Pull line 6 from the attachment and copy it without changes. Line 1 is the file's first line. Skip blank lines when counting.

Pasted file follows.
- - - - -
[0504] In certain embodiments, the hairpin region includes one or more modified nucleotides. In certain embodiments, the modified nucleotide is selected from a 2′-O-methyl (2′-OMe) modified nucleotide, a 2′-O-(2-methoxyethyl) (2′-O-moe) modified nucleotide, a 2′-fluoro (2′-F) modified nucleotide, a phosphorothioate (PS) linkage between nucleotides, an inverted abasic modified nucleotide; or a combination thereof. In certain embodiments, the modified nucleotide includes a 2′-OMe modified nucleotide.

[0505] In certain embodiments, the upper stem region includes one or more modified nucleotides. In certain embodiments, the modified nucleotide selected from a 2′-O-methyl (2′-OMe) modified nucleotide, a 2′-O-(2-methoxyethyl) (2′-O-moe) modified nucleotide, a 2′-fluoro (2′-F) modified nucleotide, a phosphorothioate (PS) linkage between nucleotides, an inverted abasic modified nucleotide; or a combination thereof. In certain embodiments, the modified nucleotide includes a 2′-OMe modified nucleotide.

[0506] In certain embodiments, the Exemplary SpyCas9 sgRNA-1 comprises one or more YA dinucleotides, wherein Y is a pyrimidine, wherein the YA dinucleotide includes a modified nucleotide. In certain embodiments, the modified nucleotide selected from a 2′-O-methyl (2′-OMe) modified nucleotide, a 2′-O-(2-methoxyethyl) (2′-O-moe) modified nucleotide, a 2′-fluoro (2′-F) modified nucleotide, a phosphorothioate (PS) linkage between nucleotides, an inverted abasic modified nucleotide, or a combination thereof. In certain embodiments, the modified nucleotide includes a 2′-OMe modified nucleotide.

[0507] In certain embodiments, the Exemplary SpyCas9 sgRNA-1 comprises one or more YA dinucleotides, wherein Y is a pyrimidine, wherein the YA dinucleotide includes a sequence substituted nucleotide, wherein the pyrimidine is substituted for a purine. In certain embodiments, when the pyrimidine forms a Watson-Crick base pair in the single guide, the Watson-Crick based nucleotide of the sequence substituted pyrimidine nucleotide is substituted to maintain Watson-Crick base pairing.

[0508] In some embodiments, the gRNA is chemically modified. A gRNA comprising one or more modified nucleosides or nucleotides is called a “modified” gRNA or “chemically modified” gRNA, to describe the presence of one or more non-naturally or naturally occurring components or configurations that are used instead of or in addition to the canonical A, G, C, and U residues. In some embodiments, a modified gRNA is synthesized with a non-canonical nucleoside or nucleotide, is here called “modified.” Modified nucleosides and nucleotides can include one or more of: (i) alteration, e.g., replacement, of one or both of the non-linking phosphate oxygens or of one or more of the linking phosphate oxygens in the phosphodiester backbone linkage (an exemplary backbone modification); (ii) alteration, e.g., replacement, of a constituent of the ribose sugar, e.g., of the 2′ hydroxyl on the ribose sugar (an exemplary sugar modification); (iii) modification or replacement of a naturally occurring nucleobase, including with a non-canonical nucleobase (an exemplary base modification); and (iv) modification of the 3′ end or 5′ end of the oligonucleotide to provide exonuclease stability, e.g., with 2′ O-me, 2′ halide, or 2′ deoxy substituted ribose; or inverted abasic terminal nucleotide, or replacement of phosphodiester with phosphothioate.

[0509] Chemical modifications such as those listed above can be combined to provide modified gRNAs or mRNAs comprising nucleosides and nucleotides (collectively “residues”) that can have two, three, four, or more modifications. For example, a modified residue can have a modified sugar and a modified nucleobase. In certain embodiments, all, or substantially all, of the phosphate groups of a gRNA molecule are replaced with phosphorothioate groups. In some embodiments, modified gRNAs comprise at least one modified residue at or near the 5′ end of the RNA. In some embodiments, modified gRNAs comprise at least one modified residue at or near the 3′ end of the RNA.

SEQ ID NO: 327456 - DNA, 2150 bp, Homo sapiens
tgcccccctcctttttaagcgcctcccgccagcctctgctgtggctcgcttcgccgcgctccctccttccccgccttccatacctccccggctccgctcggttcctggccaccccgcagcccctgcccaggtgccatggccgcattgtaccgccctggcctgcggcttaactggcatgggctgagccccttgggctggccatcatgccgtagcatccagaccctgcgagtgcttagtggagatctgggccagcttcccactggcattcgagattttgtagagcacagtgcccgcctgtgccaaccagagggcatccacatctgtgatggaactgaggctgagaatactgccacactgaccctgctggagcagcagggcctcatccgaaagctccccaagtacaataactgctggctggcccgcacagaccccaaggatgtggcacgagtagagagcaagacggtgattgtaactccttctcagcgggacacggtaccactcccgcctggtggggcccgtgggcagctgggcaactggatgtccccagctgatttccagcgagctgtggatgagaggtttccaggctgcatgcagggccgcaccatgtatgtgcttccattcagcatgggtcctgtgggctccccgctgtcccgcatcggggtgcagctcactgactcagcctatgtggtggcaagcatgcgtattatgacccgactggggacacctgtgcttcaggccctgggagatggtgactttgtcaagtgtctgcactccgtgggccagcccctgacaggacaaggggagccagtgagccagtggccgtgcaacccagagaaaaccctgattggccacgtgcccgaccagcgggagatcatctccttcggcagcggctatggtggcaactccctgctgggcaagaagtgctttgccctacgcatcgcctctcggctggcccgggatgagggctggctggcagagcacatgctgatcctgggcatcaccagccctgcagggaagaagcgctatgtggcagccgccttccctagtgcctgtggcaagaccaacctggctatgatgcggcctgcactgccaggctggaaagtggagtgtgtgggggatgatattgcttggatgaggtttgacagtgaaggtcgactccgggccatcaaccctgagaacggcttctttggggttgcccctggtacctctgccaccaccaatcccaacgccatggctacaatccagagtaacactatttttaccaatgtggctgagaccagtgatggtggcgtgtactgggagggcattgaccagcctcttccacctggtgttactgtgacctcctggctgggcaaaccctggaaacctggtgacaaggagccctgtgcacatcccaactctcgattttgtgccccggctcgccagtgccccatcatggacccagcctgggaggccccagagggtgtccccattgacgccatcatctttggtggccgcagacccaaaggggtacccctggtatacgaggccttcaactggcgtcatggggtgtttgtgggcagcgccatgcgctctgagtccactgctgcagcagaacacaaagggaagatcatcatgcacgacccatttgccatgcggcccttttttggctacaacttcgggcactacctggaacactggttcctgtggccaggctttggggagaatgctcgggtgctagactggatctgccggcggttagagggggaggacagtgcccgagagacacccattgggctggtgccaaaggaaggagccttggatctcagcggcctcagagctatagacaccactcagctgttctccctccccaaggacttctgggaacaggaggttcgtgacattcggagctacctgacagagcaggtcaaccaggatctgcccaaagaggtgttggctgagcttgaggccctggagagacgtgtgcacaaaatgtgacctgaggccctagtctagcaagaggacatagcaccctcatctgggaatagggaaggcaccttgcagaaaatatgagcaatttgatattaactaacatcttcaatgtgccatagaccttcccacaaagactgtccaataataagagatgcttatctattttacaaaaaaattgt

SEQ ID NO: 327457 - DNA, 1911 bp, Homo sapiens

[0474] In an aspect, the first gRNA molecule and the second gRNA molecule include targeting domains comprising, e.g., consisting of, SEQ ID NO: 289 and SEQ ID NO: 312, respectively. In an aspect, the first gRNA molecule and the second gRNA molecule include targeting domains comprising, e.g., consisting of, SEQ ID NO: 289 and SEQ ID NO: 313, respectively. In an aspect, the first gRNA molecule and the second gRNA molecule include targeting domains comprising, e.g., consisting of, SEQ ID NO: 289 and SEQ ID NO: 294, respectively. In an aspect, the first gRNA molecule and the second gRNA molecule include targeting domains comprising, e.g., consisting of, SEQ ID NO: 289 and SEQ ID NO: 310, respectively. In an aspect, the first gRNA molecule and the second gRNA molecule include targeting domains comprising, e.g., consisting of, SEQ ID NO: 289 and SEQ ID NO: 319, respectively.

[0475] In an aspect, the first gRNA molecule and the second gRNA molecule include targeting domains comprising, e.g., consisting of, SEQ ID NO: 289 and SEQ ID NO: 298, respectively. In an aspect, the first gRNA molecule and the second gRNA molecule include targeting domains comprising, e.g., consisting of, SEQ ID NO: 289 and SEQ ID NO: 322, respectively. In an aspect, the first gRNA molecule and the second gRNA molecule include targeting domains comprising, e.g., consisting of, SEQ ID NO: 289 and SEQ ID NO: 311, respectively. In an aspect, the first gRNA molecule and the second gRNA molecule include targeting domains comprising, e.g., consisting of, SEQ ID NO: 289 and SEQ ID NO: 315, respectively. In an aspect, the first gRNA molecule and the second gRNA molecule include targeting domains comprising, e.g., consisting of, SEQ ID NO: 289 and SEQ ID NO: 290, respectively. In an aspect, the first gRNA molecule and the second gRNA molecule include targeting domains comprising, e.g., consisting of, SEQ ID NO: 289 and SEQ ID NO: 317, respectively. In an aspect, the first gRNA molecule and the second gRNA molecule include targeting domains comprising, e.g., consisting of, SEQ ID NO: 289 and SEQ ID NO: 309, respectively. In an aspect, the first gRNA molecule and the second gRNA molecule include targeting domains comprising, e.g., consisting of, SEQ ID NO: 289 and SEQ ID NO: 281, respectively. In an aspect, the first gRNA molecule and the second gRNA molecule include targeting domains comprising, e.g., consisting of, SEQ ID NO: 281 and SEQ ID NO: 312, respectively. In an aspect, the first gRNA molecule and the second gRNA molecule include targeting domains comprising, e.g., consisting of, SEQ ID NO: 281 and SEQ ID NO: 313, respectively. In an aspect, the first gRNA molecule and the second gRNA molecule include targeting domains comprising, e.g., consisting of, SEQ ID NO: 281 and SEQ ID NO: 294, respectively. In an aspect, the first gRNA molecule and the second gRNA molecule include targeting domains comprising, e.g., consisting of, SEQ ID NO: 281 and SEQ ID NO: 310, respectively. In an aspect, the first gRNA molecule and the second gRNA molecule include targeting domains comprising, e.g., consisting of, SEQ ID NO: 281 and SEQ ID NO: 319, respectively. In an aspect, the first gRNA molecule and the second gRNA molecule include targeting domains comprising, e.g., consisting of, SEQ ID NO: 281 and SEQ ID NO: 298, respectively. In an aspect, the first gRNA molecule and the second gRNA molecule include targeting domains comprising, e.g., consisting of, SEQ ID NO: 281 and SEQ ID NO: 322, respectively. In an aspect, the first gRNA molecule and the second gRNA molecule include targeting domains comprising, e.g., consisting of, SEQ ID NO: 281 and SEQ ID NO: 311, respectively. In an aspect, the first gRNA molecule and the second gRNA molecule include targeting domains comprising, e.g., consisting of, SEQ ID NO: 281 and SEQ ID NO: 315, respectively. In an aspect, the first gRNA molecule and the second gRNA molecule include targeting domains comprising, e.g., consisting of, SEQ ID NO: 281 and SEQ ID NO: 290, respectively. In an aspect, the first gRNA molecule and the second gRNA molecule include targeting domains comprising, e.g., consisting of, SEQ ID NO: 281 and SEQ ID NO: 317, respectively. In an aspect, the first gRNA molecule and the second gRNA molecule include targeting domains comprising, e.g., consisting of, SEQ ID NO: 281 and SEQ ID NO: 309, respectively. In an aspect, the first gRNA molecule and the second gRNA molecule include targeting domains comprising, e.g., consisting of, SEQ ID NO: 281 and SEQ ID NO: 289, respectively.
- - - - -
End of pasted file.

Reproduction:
[0509] Chemical modifications such as those listed above can be combined to provide modified gRNAs or mRNAs comprising nucleosides and nucleotides (collectively “residues”) that can have two, three, four, or more modifications. For example, a modified residue can have a modified sugar and a modified nucleobase. In certain embodiments, all, or substantially all, of the phosphate groups of a gRNA molecule are replaced with phosphorothioate groups. In some embodiments, modified gRNAs comprise at least one modified residue at or near the 5′ end of the RNA. In some embodiments, modified gRNAs comprise at least one modified residue at or near the 3′ end of the RNA.